Two things are always a treat: 1) when the cover art for a streaming movie looks cheesy and all the reviews are awful, yet you still give it a chance and it’s actually kind of awesome, and 2) when you watch a slasher and the killer is some crazy chick instead of a crazy dude. So it’s safe to say I got a streaming double TREATure with these two films.
BLOOD WIDOW (2014)
It boggles my mind how negative people are about this movie online. Despite its main flaw – the lack of explanation as to the killer’s origins and motivation, Blood Widow delivers a tight slasher experience that rivals most of the direct-to-DVD crap that is pumped out these days, and to me personally, it absolutely avoids a low budget or amateurish look or feel.
Things start off great. A dude sneaks into an old house with a camera…and makes the mistake of going into the basement. He learns the hard way that finding a worktable covered in sharp weapons means losing a life to the steely sound of blades swiping through the dark.
We never learn that trespassing photographer’s story, which is a first sign of the underdeveloped script. Instead, we meet a young couple that has just bought the house next door. A group of friends visits and wanders over to Blood Widow’s house. Although they don’t encounter her, they cause just enough trouble while there to piss her off.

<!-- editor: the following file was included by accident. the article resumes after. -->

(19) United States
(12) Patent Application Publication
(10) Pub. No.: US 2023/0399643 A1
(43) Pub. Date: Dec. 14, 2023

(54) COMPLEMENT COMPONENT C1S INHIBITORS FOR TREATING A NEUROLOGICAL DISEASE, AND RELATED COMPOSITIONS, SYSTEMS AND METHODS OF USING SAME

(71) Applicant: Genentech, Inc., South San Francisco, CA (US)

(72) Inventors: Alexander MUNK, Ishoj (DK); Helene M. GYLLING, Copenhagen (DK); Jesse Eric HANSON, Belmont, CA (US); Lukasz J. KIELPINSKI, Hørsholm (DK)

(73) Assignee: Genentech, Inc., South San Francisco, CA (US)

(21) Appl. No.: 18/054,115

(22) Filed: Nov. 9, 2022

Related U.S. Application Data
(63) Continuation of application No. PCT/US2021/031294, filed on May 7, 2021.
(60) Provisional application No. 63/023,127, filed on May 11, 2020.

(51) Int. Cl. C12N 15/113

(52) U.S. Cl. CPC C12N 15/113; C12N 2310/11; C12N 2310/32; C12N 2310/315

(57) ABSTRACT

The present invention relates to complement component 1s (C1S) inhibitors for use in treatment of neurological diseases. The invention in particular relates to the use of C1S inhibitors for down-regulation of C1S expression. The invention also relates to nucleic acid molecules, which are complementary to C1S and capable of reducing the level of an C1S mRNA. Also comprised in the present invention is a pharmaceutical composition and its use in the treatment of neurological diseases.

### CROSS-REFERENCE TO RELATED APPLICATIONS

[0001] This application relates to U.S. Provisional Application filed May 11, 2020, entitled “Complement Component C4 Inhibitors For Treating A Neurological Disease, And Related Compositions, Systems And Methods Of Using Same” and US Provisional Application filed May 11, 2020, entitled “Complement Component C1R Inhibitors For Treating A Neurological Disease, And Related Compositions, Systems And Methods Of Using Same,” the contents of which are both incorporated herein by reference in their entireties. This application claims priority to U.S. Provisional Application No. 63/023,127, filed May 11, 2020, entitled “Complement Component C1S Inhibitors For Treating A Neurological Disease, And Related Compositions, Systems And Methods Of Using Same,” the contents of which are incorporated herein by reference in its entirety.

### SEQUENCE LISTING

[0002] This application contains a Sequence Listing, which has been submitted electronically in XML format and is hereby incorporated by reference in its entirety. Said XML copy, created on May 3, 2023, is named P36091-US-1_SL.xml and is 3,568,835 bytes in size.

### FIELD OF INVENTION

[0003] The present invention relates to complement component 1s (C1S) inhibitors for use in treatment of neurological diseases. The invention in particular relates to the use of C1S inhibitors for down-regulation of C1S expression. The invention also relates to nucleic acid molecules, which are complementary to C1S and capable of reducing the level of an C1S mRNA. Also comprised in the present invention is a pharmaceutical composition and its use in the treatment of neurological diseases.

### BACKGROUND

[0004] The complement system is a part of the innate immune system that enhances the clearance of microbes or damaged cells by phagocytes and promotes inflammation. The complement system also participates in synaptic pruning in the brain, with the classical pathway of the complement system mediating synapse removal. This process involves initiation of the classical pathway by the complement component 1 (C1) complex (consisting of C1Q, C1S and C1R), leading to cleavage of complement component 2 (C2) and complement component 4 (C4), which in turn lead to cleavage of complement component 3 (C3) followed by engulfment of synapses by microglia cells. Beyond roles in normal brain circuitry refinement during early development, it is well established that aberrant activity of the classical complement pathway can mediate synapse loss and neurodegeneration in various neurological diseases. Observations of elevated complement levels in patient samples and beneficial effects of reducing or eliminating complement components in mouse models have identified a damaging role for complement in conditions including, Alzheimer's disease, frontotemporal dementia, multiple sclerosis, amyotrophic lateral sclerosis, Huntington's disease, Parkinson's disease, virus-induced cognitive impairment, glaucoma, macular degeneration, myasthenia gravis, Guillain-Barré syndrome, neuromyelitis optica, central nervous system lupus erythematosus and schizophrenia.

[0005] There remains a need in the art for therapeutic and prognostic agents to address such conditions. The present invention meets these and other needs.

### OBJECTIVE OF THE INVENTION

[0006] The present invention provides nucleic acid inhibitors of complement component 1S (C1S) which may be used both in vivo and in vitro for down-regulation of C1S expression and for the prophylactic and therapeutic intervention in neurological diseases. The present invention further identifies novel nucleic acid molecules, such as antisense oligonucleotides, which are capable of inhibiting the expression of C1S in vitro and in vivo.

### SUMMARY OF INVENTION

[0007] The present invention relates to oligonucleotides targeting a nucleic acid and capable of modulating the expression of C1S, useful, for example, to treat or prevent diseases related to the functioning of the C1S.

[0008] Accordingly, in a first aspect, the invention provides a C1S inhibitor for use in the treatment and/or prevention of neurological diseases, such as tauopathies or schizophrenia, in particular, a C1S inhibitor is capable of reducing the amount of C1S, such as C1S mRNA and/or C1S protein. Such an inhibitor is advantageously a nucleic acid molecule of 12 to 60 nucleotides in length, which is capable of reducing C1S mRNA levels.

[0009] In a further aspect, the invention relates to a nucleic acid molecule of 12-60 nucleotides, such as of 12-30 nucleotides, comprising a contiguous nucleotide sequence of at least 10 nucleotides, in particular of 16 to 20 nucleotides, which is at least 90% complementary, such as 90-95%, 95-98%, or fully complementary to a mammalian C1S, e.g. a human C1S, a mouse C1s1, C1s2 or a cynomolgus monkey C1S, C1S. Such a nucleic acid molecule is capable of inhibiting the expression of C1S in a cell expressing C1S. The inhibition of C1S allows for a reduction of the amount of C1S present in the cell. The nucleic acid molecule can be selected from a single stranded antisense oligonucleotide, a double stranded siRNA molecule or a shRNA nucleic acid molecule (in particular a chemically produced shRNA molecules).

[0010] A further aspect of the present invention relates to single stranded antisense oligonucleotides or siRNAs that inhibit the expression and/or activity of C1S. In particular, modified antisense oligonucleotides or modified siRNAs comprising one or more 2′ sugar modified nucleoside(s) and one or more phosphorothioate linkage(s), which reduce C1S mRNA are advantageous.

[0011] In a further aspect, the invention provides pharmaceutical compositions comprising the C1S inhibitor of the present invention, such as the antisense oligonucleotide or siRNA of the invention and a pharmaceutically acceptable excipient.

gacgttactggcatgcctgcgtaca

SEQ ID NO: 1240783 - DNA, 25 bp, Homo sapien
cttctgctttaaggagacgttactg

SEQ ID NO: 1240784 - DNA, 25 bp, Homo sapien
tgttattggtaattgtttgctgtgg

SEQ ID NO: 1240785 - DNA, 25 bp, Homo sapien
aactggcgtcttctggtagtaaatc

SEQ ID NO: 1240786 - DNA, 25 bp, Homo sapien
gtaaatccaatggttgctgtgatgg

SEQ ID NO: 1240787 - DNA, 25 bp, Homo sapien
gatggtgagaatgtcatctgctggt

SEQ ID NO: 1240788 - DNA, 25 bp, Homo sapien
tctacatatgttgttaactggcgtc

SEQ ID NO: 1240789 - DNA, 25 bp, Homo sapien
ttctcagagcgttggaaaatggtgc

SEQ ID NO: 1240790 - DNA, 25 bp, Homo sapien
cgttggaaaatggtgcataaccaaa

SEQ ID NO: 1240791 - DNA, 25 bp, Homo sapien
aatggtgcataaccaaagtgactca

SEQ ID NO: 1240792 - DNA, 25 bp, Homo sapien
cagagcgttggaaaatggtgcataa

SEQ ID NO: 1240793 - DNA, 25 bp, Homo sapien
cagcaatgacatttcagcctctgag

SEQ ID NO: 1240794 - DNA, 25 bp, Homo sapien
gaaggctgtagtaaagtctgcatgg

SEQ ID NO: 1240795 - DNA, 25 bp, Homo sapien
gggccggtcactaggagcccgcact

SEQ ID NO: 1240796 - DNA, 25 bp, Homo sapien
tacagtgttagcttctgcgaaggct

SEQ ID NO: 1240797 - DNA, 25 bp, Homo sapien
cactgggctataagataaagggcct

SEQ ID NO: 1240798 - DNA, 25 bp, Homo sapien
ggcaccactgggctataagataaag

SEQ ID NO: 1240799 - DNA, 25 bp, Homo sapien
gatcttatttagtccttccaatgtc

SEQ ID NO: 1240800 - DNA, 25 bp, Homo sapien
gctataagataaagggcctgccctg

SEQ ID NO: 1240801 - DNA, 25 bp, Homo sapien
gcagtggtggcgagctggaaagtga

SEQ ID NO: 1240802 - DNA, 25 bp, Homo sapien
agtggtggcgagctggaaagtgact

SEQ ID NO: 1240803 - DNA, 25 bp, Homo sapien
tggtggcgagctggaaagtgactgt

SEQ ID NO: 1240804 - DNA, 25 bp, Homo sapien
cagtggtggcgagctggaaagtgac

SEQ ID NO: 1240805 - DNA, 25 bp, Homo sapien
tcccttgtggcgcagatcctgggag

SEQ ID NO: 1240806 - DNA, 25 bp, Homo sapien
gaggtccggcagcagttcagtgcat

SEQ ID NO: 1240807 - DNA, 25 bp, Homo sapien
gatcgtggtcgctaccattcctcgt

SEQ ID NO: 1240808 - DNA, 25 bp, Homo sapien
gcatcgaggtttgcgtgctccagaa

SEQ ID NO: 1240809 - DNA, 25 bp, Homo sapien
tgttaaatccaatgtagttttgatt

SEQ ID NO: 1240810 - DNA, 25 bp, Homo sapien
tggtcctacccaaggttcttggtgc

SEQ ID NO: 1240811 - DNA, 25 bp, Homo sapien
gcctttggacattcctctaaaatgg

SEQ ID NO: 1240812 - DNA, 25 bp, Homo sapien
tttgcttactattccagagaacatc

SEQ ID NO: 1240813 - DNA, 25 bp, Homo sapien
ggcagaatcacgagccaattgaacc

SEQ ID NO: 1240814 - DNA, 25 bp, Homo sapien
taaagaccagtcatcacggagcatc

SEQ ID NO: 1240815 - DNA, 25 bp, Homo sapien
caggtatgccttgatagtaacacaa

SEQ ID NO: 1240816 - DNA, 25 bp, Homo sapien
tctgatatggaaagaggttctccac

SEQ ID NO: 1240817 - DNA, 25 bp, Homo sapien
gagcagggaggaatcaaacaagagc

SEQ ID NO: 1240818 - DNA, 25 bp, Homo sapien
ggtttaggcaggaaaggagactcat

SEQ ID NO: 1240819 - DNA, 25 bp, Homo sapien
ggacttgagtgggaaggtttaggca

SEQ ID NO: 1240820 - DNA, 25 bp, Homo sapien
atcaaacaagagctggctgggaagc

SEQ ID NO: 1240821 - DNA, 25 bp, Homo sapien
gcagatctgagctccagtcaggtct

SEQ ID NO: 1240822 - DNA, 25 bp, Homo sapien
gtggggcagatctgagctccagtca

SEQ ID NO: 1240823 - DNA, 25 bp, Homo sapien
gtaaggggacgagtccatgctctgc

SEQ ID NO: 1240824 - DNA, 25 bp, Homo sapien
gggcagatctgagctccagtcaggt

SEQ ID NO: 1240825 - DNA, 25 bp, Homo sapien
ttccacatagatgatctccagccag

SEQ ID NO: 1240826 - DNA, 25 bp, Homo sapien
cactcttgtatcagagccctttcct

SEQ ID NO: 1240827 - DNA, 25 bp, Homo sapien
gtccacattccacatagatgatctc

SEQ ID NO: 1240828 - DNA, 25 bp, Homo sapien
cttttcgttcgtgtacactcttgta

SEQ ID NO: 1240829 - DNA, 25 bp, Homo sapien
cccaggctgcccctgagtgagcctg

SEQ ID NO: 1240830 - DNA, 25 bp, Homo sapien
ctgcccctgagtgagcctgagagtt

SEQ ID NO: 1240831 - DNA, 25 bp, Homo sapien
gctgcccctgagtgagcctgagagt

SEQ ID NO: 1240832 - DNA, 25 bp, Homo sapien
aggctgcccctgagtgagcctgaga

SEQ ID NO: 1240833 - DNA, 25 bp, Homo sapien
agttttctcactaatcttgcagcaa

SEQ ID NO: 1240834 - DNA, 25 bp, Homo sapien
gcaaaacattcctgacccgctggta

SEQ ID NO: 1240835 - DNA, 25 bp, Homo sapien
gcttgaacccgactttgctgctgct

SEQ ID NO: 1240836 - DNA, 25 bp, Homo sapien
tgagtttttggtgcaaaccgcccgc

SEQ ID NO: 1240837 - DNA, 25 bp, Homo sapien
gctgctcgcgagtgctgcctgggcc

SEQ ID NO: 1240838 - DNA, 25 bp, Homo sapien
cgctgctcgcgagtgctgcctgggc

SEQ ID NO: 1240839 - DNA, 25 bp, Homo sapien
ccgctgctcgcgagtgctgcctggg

Once the big housewarming party starts, so do the kills, and they are a blast. Sleek, fresh, gory, brutal, and CGI-free, they are exactly what I want from a slasher. Blood Widow, wearing a tight leather dominatrix outfit and a blank white porcelain doll mask, uses plenty of weapons, but her most vicious is a cat o’ nine tails that appears to have either razor or hook tips. Eek.
Free of filler dialogue or unnecessary situations and clocking in at a smart hour and 20 minutes, the film keeps a steady pace, delivering some suspenseful moments and jump scares leading up to the friends locking themselves in the house to avoid a good whipping. But Blood Widow is quite resourceful, not to mention relentless in her attacks. There’s even a bit of torture thrown in, giving the main girl the chance to demonstrate her talent of letting out agonized screams.
A nice touch here is the fact that once the group sees Blood Widow outside the house, despite the nature of her outfit and her physical shape, they keep referring to her as a he, a reminder that it’s almost impossible for anyone to fathom a woman committing such heinous acts.
Also of note is the gay Asian guy whose sexuality is never directly addressed. His immediate snarky attitude is an obvious note to the audience that he’s gay, but he doesn’t have a partner and never expresses any desire for anyone at the party. However, there is a playful moment hinting at the unstated truth about his sexual orientation when a female seems to be trying to entice him into sex.
The most telling signs of his gayness come once Blood Widow shows up. For starters, he lets out genuine girlish screams every time he sees her (they’re not over-the-top or played for laughs). He’s also chicken shit smart—he knows to just get the fuck out of there and not be a hero. When it’s suggested that they should go back to save the main guy’s woman, his attitude is, “Fuck that, dude. She’s a goner and we need to get out of here and stop worrying about girls.” Fair warning–I’d do the same.